Tidal excitation of autoresonant oscillations in stars with close-by planets

A. F. Lanza

Submitted on 29 June 2022


Close-by planets may excite various kinds of oscillations in their host stars through their time-varying tidal potential. Magnetostrophic oscillations with a frequency much smaller than the stellar rotation frequency have recently been proposed to account for the spin-orbit commensurability observed in several planet-hosting stars. In principle, they can be resonantly excited in an isolated slender magnetic flux tube by a Fourier component of the time-varying tidal potential with a very low frequency in the reference frame rotating with the host. However, due to the weakness of such high-order tidal components, a mechanism is required to lock the oscillations in phase with the forcing for long time intervals (103107 years) in order to allow the oscillation amplitude to grow. We propose that the locking mechanism is an autoresonance produced by the non-linear dependence of the oscillation frequency on its amplitude. We suggest that the angular momentum loss rate is remarkably reduced in hosts entering autoresonance that contributes to maintain those systems in that regime for a long time. We apply our model to a sample of ten systems showing spin-orbit commensurability and estimate the maximum drifts of the relevant tidal potential frequencies that allow them to enter the autoresonant regime. Such drifts are compared with the expected drifts owing to the tidal evolution of the planetary orbits and the stellar angular momentum loss in the magnetized winds finding that autoresonance is a viable mechanism in eight systems, at least in our idealized model. The duration of the autoresonant regime and the associated spin-orbit commensurability may be comparable with the main-sequence lifetimes of the host stars, indicating that gyrochronology may not be applicable to those hosts.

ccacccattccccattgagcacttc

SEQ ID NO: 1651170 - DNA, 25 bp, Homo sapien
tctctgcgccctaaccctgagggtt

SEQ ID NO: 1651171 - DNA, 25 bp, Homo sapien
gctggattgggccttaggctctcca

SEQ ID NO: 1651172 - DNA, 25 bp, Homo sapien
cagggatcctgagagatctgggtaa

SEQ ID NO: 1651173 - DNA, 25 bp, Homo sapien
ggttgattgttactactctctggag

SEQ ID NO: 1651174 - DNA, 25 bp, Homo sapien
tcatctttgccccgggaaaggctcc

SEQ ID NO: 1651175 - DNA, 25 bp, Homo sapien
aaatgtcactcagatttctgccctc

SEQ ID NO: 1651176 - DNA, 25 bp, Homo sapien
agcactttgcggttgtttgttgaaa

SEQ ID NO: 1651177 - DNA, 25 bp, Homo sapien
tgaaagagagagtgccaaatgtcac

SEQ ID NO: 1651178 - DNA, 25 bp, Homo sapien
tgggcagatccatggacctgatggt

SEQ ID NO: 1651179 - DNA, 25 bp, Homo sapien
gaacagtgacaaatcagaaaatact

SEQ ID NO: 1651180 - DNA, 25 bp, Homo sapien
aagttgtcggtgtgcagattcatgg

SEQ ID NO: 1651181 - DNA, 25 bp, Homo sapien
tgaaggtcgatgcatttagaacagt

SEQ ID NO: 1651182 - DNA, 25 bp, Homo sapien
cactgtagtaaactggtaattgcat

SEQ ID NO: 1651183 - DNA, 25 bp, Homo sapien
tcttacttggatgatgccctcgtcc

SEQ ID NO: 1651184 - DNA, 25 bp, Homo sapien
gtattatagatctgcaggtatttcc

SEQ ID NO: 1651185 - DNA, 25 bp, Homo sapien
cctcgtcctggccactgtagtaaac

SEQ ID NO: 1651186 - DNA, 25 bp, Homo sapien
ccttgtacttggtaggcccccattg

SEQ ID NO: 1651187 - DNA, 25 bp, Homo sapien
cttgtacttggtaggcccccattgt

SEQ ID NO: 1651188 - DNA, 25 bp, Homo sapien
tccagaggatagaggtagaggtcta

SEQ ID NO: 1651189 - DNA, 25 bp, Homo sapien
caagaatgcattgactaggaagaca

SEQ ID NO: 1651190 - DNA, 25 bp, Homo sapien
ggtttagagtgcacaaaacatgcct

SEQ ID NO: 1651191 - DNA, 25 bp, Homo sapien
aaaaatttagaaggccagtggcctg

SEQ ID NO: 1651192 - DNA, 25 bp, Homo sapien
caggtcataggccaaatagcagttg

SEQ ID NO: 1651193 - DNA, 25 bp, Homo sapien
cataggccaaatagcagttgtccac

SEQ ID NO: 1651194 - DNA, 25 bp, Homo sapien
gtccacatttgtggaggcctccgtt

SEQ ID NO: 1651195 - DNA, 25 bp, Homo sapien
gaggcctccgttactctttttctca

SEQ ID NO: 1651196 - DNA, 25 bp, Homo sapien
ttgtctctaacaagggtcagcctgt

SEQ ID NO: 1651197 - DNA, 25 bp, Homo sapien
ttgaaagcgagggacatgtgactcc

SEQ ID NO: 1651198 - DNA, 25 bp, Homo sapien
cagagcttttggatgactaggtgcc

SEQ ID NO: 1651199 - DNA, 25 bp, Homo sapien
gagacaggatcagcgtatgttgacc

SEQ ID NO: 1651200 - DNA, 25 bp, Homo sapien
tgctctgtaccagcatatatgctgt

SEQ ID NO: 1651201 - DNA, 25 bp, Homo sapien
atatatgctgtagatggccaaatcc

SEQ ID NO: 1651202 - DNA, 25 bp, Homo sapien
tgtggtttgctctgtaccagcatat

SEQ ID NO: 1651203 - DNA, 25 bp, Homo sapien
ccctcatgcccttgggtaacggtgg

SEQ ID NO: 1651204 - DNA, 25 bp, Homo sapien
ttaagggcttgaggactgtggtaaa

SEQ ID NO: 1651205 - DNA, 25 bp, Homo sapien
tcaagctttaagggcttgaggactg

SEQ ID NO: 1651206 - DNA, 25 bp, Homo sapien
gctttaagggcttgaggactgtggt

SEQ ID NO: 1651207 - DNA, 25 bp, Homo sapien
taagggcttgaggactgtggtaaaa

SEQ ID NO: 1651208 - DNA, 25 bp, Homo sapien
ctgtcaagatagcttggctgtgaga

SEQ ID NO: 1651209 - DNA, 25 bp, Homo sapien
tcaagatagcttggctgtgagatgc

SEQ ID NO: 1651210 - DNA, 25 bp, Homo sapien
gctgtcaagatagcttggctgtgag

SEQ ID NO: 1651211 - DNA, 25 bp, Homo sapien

Comment: 21 pages, 7 figures, 5 tables, 2 appendixes; accepted by Astronomy & Astrophysics

Subjects: Astrophysics - Earth and Planetary Astrophysics; Astrophysics - Solar and Stellar Astrophysics